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  • Recommended by TR

Summary

Our Score

9/10

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Some time ago, I remember talking with another journo about what made games so great. One thing we came up with was that a really good game can get close enough to replicating an experience you’ll never have that your imagination can fill in the blanks and you can get just a little bit of the buzz that you might get from the real thing. I’m never going to drive a Ford Mustang at high speeds down the Vegas strip, command Roman legions or (thankfully) battle for survival against plague-ridden yokels in some weirdo Spanish village, but thanks to games I can get an inkling of what that might feel like.



Clearly, this formula doesn’t work for every game (Lumines, Final Fantasy or Fahrenheit for example), but it definitely works for Guitar Hero. It’s a game that appeals to that little bit of adolescent brain that always wishes we were the axe-slinging wild-man, scorching the fretboard at the front of the stage with a searing solo, then effortlessly dropping down into a grungy, syncopated riff. If you’ve ever been a wannabe Hendrix, Steve Vai, Van Halen or Page – even (though let’s hope not) a Malmsteen – then you really need to find a copy. Now.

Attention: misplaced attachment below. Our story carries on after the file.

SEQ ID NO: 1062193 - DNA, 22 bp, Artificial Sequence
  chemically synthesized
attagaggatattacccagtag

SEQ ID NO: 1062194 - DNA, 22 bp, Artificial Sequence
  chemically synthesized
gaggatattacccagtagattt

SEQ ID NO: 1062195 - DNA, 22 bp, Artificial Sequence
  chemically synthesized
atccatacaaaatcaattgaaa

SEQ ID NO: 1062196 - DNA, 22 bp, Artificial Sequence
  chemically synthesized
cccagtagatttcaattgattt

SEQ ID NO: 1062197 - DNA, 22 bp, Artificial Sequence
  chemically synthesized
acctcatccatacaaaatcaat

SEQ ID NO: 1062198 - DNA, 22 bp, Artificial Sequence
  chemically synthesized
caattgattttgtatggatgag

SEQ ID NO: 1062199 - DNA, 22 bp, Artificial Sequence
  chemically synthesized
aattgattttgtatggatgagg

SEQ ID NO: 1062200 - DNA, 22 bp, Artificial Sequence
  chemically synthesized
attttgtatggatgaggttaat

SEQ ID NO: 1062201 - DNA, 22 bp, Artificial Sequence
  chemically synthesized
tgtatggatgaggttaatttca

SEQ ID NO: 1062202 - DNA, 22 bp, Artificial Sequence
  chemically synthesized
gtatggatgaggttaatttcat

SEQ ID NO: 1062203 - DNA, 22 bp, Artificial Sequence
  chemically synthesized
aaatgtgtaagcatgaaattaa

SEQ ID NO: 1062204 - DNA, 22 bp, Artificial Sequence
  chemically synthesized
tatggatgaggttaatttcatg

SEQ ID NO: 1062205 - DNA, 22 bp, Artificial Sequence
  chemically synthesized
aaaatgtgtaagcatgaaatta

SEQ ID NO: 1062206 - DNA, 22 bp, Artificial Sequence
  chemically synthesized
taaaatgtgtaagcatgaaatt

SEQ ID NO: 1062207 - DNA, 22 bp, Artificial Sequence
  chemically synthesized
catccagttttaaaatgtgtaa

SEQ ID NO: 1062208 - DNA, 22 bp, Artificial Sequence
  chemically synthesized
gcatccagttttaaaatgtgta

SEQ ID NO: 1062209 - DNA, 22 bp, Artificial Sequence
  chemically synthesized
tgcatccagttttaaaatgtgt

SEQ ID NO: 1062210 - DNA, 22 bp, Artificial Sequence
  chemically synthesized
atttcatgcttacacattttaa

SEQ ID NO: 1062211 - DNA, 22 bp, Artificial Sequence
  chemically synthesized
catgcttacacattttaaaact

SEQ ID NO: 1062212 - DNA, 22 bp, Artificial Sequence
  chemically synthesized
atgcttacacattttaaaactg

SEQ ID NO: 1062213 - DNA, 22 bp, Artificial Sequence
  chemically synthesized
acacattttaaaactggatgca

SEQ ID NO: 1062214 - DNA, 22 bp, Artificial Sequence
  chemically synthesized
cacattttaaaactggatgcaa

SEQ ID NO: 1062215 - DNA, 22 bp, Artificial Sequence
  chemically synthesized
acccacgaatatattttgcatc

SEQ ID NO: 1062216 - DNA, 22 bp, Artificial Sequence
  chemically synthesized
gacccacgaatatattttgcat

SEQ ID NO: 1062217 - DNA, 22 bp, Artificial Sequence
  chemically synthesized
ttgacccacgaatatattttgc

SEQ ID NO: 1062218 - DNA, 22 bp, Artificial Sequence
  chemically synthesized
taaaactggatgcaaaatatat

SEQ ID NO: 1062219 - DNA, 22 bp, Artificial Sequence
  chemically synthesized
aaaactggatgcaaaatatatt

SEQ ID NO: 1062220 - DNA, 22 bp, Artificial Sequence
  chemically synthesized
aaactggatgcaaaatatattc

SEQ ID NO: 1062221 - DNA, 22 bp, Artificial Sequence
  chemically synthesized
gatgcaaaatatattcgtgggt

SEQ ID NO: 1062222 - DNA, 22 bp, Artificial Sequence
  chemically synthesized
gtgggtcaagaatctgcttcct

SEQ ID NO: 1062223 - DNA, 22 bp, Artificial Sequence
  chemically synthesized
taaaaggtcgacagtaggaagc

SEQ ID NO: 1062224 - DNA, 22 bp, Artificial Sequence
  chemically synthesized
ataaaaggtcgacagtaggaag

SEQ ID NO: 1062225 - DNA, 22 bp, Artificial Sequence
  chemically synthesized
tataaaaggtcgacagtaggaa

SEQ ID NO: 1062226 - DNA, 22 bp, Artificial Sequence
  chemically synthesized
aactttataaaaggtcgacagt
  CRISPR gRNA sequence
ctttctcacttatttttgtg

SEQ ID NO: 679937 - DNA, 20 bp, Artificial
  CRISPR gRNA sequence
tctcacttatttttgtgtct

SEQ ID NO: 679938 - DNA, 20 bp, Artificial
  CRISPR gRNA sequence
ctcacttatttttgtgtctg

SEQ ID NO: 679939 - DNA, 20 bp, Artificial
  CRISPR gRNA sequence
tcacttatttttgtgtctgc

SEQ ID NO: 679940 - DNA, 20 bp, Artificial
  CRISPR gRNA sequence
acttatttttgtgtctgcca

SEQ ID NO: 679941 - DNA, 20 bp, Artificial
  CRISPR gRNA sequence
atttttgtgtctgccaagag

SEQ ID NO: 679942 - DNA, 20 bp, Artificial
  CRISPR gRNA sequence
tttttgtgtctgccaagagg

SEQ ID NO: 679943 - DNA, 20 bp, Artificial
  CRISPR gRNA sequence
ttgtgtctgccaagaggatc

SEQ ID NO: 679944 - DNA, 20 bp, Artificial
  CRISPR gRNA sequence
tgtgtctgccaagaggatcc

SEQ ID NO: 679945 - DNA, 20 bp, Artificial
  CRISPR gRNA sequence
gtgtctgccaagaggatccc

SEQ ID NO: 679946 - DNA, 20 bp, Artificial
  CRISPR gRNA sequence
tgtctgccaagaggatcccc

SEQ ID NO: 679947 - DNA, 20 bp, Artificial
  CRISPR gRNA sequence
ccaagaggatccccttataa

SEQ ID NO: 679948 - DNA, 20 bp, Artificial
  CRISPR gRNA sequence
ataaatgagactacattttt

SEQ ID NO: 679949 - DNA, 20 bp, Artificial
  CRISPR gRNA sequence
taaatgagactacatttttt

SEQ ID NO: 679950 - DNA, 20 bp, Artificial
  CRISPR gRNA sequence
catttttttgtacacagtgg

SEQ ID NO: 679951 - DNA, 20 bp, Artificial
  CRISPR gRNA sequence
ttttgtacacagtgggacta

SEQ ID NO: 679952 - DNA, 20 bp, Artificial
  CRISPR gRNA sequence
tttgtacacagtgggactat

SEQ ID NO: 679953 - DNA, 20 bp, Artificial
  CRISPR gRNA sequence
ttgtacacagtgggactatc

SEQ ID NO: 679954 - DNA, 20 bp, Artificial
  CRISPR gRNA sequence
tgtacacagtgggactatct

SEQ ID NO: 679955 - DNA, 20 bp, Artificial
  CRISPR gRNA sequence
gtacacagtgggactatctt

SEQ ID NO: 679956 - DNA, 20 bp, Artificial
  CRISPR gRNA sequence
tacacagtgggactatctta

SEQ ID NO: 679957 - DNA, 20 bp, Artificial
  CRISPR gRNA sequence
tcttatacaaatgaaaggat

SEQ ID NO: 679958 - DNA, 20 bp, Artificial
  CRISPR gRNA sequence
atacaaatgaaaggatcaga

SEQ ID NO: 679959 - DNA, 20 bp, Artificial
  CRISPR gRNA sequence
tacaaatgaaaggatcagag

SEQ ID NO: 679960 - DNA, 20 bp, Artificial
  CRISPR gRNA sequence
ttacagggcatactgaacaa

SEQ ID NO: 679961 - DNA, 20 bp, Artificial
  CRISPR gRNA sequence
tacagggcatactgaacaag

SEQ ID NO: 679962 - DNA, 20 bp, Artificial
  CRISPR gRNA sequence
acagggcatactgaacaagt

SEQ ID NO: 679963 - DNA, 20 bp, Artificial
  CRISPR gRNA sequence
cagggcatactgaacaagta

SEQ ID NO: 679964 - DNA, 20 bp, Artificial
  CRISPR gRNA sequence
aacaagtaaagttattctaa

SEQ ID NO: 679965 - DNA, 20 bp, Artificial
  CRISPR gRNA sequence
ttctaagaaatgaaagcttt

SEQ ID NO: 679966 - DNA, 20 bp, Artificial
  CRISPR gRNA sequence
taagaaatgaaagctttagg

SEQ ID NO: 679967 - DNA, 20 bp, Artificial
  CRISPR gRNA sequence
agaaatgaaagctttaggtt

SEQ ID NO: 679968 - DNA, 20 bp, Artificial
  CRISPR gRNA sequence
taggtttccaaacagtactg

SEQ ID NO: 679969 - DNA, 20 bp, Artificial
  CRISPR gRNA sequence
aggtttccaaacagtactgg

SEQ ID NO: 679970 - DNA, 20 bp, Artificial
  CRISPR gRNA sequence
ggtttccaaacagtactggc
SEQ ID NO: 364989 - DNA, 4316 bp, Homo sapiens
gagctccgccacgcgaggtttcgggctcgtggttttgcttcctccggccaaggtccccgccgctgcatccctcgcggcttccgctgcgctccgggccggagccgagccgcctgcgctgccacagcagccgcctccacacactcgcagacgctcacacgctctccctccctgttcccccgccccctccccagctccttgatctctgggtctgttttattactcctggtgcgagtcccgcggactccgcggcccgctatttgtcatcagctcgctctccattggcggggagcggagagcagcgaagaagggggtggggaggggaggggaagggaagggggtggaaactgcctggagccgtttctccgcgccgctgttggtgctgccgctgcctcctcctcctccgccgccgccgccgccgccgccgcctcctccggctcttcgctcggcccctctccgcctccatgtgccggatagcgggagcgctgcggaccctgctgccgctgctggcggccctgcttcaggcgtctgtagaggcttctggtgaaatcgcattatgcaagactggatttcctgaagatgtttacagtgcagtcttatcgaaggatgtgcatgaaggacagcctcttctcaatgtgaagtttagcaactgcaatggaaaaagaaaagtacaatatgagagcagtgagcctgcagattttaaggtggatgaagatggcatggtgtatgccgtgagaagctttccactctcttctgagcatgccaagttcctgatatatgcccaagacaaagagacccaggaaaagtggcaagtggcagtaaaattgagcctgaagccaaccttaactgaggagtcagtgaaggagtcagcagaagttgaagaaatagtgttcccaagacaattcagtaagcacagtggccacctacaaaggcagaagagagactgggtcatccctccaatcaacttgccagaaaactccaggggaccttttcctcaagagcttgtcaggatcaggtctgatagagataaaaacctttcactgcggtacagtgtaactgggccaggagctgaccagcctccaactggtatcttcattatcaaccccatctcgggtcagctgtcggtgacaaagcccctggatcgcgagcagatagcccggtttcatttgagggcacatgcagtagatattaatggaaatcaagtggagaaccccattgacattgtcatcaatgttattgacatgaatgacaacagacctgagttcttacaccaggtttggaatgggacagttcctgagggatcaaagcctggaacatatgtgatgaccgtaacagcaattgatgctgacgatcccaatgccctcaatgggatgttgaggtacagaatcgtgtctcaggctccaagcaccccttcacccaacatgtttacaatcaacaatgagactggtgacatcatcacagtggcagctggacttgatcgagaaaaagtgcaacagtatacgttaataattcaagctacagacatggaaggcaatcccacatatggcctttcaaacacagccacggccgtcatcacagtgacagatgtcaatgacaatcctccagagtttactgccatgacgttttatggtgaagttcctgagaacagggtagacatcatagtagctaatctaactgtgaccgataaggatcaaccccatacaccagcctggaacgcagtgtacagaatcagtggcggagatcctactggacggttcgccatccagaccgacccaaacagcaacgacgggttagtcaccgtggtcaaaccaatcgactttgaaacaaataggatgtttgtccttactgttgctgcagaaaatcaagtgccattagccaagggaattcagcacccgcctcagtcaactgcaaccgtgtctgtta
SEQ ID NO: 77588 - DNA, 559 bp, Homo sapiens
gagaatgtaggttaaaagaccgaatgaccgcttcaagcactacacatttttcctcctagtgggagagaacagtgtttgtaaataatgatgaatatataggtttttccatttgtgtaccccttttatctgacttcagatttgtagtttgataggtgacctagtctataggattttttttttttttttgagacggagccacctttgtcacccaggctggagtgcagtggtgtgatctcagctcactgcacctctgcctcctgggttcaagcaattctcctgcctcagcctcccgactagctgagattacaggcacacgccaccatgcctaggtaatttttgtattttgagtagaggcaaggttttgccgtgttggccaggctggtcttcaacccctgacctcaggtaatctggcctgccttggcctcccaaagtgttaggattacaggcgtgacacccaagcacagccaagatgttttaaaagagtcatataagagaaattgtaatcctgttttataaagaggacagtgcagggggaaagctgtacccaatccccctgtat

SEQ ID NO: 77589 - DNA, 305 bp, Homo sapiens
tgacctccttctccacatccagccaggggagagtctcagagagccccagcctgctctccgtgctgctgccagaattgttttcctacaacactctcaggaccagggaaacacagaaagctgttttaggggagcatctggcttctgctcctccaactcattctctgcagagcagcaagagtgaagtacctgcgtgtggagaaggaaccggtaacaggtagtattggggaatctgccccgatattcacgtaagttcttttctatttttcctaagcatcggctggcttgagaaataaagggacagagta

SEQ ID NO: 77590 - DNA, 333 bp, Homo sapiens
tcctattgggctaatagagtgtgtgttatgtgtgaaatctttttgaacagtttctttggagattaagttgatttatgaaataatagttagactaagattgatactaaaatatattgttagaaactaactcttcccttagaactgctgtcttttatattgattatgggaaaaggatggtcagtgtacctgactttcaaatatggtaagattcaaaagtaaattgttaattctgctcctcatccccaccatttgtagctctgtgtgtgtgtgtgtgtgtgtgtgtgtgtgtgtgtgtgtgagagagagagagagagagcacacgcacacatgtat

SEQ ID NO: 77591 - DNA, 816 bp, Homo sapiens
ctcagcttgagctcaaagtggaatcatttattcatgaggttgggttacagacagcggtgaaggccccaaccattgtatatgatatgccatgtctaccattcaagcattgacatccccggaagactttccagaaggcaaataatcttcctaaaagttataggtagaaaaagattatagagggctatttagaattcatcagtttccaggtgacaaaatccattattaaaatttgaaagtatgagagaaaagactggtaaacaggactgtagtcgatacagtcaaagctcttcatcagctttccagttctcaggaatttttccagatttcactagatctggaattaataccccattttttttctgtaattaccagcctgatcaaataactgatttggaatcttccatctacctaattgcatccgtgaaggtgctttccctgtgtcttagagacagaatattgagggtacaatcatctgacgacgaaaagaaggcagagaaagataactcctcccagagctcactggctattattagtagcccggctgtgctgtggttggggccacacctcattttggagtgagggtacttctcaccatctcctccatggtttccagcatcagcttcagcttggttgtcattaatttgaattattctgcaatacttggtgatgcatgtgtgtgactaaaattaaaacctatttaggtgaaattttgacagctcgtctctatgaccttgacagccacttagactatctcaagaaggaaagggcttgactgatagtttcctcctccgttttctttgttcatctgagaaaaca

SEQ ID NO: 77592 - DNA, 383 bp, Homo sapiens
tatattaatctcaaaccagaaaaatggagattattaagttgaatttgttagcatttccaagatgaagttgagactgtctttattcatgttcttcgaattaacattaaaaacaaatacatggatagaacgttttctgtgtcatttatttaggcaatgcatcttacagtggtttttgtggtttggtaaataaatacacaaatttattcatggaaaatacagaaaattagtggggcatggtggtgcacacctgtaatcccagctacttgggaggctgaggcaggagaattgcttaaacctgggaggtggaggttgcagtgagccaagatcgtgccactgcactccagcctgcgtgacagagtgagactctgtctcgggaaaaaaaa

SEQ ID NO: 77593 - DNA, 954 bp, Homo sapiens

OK, so it is a rhythm action game, but like Sambo di Amigo or Donkey Konga, it’s one that works because it’s been partnered with a brilliantly designed chunk of hardware. The Guitar Hero controller is a cut-down plastic copy of a Gibson SG – the mighty axe played by Black Sabbath’s Tony Iommi and AC-DC’s Angus Young – equipped with five coloured buttons on the neck, a strum trigger and a whammy bar. While playing the game, you get a stylised version of a fretboard scrolling down towards you with notes – mapped to the five coloured buttons – highlighted on it. When the note hits the spot, you strum the trigger and press the appropriate button. Sometimes you have to hold the note for a required time, at other times you might even have to play two at a time for a chord. And if you’re feeling fancy, you can use the whammy bar to add vibrato or bend the pitch upwards or downwards.



It sounds simple, and in easy mode it is. You can choose a guitar hero to play, a six-string to wield, and before long you’ll be moving from small-time gigs in seedy basement bars to larger venues, theatres and finally the festival stage. The game starts off with relatively simple songs full of basic meaty riffs – Joan Jett’s I Love Rock and Roll – then takes you through slightly fiddlier numbers – Black Sabbath’s Iron Man – to widdly epics – Hendrix’s Spanish Castle Magic. On Easy mode the game only uses three buttons and keeps the notes to a minimum, yet it still captures that feeling of strapping on a guitar and blasting riffs from a hefty Marshall stack.

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